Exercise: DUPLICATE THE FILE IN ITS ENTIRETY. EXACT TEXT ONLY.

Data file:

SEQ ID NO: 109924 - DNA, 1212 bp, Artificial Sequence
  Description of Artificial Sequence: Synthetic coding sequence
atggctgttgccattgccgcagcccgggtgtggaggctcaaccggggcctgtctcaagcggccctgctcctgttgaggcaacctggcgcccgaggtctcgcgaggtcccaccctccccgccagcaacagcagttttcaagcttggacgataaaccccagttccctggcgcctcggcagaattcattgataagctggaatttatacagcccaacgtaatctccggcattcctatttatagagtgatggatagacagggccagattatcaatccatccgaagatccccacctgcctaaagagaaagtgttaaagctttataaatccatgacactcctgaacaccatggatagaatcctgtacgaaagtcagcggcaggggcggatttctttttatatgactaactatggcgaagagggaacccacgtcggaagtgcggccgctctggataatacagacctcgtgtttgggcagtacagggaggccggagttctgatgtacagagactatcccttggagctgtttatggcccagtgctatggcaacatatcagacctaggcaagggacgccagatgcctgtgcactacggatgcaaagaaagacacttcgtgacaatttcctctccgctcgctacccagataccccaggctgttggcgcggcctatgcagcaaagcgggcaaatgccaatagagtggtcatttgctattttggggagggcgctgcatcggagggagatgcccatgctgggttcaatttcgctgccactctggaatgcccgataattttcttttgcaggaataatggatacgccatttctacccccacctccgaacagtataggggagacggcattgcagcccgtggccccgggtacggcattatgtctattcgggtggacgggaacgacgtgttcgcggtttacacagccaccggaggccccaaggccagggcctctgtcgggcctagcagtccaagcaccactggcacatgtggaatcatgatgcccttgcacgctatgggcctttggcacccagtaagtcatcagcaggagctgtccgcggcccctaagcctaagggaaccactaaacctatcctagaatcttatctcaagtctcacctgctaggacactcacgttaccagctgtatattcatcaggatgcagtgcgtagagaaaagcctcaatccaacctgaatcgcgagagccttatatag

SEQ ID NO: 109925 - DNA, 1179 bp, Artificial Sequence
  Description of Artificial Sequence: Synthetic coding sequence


SEQ ID NO: 109924 - DNA, 1212 bp, Artificial Sequence
  Description of Artificial Sequence: Synthetic coding sequence
atggctgttgccattgccgcagcccgggtgtggaggctcaaccggggcctgtctcaagcggccctgctcctgttgaggcaacctggcgcccgaggtctcgcgaggtcccaccctccccgccagcaacagcagttttcaagcttggacgataaaccccagttccctggcgcctcggcagaattcattgataagctggaatttatacagcccaacgtaatctccggcattcctatttatagagtgatggatagacagggccagattatcaatccatccgaagatccccacctgcctaaagagaaagtgttaaagctttataaatccatgacactcctgaacaccatggatagaatcctgtacgaaagtcagcggcaggggcggatttctttttatatgactaactatggcgaagagggaacccacgtcggaagtgcggccgctctggataatacagacctcgtgtttgggcagtacagggaggccggagttctgatgtacagagactatcccttggagctgtttatggcccagtgctatggcaacatatcagacctaggcaagggacgccagatgcctgtgcactacggatgcaaagaaagacacttcgtgacaatttcctctccgctcgctacccagataccccaggctgttggcgcggcctatgcagcaaagcgggcaaatgccaatagagtggtcatttgctattttggggagggcgctgcatcggagggagatgcccatgctgggttcaatttcgctgccactctggaatgcccgataattttcttttgcaggaataatggatacgccatttctacccccacctccgaacagtataggggagacggcattgcagcccgtggccccgggtacggcattatgtctattcgggtggacgggaacgacgtgttcgcggtttacacagccaccggaggccccaaggccagggcctctgtcgggcctagcagtccaagcaccactggcacatgtggaatcatgatgcccttgcacgctatgggcctttggcacccagtaagtcatcagcaggagctgtccgcggcccctaagcctaagggaaccactaaacctatcctagaatcttatctcaagtctcacctgctaggacactcacgttaccagctgtatattcatcaggatgcagtgcgtagagaaaagcctcaatccaacctgaatcgcgagagccttatatag

SEQ ID NO: 109925 - DNA, 1179 bp, Artificial Sequence
  Description of Artificial Sequence: Synthetic coding sequence